Coastal Mid Atlantic Tuesday into Wednesday. Models pick up on
another shortwave coming around the base of the trough that will
kick the actual cold front through Central AL on Tuesday, but
moisture return and instability look limited with this. Could see
some showers with it, so have carried slight chance PoPs through the
evening hours. Wednesday through Friday look to be cooler and dry as
surface high pressure builds in on the backside of the departing
Alabama Forecast Discussion (NWS)
National Ag. Weather Outlook, International Ag. Weather Summary
Current Surface Map,
[2nd Source TWC]
Click here for UKAWC Point Agricultural, Lawn & Garden Forecast/Outlook in case of corrupt tables.
Regional Hourly Observations For MONROE County
1100 PM CDT FRI MAR 16 2018
CITY SKY/WX TMP DP RH WIND PRES REMARKS
MOBILE CLOUDY 64 62 93 S10 30.05R
BROOKLEY FIELD CLOUDY 65 63 93 S9 30.06R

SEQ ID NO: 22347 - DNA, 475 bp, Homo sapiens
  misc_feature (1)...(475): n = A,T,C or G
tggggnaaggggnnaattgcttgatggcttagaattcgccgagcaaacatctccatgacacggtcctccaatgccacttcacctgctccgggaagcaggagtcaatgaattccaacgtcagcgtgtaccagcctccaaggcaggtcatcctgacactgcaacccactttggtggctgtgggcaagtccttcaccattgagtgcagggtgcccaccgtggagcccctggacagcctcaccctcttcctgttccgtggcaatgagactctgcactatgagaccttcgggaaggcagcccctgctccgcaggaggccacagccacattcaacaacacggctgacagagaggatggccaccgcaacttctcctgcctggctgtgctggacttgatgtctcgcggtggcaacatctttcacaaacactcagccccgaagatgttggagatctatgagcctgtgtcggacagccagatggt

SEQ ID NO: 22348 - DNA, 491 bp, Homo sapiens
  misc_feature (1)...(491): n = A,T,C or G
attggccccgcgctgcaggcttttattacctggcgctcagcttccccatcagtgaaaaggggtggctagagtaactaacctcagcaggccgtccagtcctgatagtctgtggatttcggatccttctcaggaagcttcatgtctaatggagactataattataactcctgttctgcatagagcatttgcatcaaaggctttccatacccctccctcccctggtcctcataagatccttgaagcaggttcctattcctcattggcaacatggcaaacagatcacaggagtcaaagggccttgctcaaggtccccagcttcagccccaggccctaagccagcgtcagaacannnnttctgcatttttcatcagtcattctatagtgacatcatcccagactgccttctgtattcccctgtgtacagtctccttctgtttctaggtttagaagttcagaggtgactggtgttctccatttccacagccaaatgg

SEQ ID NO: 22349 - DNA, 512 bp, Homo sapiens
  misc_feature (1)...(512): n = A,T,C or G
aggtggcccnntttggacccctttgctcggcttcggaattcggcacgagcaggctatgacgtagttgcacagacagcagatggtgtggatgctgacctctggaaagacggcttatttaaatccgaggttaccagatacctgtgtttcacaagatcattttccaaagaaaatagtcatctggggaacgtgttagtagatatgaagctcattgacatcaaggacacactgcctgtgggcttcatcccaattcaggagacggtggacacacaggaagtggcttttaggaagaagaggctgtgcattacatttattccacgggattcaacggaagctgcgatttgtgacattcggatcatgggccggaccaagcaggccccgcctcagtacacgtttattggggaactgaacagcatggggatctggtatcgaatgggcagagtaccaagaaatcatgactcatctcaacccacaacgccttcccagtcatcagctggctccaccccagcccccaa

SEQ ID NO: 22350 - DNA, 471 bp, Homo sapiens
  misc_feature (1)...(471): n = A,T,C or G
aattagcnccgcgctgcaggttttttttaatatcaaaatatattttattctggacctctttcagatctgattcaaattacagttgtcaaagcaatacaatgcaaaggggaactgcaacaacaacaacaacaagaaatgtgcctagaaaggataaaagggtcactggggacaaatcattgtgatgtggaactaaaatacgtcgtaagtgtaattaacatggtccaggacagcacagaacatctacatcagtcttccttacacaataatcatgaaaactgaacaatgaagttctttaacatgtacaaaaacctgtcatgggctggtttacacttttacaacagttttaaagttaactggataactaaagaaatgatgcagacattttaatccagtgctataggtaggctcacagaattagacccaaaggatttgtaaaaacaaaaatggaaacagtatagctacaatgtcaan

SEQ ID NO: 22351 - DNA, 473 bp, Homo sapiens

EVERGREEN CLOUDY 62 59 90 S5 30.06S
Current Agricultural Weather Conditions in Alabama
Based on observations at 1000pm CDT, Friday March 16, 2018
Across Alabama...temperatures are near 56 degrees north, near 58 degrees central, and near 64 degrees south. Current sky conditions are fair north, mostly cloudy central, and light rain south. In the north, relative humidity is near 86%, and the dew point is near 52 degrees. In the central part of the state, relative humidity is near 90%, and the dew point is near 55 degrees. In the south, relative humidity is near 90%, and the dew point is near 61 degrees. Winds are from the south at 8 mph north, where conditions are favorable for spraying. Winds are from the southeast at 5 mph central, where conditions are favorable for spraying. Winds are from the southeast at 13 mph south, where conditions are not favorable for spraying due to strong winds and light rain. Based on current available observations, the highest temperature is 66 degrees at Brookely Field. The lowest temperature is 50 degrees at Alexander City.
Current NOWCAST not available:
Nowcasts are not issued routinely during fair weather. Only when
precipitation or other significant weather is occuring in this county will these